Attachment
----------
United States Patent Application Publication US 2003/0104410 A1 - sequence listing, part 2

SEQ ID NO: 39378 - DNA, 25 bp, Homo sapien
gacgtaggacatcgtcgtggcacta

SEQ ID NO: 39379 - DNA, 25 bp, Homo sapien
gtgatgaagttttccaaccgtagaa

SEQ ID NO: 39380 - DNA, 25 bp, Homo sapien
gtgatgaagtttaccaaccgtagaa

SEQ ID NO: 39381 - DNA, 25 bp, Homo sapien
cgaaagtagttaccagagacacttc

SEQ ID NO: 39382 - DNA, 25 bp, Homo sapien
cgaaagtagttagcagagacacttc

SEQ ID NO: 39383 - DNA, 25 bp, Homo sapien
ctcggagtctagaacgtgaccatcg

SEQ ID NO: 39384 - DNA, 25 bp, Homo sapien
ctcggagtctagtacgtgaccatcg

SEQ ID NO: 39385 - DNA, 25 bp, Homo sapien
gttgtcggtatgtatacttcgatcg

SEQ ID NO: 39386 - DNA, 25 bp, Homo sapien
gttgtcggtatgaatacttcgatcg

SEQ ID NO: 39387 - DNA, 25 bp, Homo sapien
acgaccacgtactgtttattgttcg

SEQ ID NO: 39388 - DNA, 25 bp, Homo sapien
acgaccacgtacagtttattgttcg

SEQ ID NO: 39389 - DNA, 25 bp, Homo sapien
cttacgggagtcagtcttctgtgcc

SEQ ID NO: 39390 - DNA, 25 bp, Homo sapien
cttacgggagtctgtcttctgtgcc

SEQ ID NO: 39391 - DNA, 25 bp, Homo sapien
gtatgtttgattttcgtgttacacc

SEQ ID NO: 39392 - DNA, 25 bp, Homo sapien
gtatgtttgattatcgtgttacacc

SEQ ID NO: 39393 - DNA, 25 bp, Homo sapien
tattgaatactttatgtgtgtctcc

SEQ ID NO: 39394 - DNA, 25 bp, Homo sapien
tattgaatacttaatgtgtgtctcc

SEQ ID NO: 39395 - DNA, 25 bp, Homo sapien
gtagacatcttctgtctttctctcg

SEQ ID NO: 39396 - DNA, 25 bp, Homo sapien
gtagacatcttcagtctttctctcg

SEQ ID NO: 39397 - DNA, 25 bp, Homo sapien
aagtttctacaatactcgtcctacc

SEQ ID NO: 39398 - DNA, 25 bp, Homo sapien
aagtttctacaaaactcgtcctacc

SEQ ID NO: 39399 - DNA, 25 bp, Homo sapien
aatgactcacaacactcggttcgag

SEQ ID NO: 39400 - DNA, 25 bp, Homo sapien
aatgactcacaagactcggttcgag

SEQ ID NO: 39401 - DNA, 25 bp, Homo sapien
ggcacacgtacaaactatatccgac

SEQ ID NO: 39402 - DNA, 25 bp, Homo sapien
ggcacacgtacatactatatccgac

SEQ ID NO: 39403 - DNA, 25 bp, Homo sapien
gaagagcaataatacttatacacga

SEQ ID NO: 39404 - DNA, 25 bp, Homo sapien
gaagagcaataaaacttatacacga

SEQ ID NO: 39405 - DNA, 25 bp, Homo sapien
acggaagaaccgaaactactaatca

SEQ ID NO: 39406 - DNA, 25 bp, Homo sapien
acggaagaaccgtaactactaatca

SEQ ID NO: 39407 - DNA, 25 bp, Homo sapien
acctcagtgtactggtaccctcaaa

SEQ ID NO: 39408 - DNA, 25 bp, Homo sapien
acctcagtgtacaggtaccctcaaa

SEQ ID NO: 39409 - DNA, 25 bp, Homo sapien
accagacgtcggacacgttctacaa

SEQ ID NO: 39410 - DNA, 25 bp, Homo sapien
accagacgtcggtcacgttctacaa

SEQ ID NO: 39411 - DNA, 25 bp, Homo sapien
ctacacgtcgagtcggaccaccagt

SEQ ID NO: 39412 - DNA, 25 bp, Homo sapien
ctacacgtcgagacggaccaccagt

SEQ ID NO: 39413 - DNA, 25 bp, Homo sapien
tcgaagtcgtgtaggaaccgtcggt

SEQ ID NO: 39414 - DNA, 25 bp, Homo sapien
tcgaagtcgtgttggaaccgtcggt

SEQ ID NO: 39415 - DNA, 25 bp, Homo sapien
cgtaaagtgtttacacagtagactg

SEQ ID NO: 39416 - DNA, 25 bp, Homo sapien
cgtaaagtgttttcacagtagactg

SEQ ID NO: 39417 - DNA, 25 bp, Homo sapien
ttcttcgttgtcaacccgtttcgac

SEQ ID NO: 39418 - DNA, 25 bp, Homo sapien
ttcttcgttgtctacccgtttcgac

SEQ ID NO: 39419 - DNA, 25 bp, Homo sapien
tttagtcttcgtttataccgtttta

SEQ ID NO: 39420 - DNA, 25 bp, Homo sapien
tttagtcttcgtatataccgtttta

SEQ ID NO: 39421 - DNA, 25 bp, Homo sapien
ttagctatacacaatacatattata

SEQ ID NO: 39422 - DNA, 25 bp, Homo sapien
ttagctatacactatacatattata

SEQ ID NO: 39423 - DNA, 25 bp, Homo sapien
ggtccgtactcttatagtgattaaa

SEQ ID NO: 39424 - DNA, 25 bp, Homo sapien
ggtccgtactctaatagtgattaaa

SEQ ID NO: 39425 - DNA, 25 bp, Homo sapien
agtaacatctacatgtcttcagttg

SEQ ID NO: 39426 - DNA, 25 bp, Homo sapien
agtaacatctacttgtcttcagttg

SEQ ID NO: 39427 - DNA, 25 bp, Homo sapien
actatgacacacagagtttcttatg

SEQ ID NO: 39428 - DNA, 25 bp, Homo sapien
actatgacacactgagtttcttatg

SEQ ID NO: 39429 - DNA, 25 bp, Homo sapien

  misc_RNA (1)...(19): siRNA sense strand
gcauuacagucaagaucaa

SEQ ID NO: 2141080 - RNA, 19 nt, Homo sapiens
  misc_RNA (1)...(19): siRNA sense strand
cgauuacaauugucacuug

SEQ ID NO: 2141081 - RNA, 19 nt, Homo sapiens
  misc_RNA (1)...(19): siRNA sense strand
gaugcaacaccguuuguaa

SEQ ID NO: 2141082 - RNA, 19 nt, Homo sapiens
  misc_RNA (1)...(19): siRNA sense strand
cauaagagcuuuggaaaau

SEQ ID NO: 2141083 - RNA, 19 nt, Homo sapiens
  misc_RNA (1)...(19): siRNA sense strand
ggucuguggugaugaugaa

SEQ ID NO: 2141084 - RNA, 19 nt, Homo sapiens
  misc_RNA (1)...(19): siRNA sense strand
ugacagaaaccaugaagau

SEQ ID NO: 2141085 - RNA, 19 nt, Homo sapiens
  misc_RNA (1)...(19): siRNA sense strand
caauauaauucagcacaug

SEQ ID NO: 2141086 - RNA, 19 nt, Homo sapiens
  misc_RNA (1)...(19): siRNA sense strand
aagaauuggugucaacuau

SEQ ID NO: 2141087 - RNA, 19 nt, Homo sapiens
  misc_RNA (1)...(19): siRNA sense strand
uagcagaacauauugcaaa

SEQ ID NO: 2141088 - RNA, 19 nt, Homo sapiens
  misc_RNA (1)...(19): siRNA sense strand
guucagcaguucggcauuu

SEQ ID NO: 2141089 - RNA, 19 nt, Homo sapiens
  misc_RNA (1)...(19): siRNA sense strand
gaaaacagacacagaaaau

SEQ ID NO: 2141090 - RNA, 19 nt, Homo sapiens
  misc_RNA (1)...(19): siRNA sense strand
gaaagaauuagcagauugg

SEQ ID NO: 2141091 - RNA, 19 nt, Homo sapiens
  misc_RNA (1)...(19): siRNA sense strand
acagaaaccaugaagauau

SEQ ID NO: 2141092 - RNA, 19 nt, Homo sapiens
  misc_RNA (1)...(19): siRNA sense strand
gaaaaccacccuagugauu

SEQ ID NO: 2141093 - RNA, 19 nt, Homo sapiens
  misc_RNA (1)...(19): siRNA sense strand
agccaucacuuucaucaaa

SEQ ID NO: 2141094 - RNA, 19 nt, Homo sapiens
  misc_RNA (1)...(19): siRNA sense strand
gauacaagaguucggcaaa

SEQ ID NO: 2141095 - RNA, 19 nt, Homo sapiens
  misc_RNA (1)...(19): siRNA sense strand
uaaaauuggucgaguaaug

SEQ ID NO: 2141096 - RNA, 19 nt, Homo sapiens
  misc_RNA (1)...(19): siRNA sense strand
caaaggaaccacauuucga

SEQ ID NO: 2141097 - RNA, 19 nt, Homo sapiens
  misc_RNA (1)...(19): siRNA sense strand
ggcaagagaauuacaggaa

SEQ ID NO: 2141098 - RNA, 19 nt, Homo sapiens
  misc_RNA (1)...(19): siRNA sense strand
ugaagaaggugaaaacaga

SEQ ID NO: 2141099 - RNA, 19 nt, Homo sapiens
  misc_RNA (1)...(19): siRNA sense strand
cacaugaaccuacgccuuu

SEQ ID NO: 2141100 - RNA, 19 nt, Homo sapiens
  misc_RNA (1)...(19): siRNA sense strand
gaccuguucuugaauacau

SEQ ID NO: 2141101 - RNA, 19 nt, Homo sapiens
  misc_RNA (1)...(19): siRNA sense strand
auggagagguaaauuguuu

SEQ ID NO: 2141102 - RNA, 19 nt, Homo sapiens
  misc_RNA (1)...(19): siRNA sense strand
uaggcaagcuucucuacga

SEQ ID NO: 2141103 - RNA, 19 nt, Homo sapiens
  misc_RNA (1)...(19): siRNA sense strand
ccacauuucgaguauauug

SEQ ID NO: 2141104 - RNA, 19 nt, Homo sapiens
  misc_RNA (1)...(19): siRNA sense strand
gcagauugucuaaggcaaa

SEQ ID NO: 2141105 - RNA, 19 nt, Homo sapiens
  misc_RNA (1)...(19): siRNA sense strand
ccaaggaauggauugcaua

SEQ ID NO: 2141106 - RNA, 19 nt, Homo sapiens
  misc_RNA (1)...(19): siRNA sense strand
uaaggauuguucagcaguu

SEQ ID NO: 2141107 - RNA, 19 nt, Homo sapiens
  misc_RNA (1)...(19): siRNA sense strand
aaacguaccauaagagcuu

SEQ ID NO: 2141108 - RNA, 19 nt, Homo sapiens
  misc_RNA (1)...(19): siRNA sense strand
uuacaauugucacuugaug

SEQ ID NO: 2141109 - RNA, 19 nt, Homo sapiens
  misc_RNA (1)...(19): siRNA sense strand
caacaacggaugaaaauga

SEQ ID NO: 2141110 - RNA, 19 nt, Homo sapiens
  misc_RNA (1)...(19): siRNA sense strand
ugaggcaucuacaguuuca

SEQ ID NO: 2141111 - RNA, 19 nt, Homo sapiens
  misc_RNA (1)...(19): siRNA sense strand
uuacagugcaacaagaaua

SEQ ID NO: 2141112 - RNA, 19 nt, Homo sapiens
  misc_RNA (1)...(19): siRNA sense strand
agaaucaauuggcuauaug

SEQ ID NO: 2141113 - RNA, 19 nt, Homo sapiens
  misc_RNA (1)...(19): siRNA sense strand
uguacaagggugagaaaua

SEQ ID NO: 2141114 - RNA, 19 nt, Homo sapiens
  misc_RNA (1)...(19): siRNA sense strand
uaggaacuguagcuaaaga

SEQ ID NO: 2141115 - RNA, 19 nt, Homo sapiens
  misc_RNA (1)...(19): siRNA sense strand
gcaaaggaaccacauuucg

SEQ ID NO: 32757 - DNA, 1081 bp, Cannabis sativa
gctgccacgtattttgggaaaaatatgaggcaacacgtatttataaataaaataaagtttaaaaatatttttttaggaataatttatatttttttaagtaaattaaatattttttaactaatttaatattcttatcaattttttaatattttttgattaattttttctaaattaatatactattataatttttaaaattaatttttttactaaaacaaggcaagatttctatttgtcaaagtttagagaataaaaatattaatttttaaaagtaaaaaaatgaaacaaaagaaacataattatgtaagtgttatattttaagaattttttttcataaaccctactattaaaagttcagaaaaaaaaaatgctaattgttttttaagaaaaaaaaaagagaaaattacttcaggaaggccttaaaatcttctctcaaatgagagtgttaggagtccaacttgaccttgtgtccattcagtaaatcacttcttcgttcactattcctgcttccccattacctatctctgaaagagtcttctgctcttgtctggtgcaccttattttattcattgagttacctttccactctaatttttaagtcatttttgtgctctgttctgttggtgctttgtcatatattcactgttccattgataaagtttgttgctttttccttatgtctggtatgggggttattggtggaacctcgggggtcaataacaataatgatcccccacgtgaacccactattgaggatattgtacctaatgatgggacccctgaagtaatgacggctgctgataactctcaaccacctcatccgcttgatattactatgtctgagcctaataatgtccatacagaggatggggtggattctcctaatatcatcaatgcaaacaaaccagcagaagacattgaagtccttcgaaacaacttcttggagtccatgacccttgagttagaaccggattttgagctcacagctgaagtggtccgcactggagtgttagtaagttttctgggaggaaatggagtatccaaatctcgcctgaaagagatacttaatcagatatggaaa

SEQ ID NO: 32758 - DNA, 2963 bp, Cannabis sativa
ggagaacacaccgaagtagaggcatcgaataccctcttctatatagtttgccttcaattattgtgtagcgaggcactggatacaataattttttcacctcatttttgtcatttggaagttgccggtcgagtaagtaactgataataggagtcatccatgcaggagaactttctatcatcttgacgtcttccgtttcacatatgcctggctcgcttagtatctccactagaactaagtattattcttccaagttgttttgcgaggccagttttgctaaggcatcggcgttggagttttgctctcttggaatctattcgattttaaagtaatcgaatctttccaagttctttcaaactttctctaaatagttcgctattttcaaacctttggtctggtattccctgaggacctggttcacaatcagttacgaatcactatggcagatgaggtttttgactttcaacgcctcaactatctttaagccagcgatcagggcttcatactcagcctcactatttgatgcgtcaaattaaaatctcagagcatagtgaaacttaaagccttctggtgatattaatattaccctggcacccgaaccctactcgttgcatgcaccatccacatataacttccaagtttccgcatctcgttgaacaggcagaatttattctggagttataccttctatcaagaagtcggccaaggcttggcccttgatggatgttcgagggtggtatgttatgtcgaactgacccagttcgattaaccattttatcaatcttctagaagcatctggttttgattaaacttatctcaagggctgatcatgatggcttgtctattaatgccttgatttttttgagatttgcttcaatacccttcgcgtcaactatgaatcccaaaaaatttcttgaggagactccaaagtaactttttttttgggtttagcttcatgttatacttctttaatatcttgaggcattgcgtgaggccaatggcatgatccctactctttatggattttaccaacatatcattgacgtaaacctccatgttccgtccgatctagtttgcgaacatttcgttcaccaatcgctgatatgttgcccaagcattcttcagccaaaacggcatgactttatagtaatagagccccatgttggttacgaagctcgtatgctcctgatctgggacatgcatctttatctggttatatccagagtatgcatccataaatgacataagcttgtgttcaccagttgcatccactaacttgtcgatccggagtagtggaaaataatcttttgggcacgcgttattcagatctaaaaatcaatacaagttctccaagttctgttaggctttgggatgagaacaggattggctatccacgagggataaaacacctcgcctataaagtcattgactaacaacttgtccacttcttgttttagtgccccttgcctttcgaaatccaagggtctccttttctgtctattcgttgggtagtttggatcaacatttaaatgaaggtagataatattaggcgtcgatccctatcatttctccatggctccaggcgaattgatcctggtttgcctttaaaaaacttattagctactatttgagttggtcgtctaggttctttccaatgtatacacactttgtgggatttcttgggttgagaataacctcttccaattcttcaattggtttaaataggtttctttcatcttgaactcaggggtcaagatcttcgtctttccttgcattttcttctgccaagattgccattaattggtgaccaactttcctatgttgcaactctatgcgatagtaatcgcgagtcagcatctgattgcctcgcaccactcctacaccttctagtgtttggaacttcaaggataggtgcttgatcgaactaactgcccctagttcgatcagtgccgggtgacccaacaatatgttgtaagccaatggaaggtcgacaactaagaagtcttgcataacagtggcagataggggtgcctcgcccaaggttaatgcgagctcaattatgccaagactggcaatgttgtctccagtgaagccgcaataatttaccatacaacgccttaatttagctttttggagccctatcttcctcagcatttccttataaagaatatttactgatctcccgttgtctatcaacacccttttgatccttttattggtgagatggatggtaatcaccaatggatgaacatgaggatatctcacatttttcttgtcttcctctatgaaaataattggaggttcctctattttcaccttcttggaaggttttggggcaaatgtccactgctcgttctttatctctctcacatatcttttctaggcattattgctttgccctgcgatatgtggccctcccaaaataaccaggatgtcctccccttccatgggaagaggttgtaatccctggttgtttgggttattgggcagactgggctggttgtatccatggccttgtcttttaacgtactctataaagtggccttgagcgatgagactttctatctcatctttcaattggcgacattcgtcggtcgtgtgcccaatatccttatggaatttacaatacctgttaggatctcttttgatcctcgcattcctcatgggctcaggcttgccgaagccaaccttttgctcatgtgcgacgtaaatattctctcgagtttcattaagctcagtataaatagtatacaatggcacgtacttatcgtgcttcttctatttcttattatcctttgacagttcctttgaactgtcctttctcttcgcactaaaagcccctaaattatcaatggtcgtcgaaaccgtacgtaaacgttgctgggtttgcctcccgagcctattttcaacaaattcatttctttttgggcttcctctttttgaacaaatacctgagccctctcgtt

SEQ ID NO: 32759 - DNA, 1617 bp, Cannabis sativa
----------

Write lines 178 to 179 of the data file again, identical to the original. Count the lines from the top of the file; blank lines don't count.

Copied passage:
ccacauuucgaguauauug

SEQ ID NO: 2141104 - RNA, 19 nt, Homo sapiens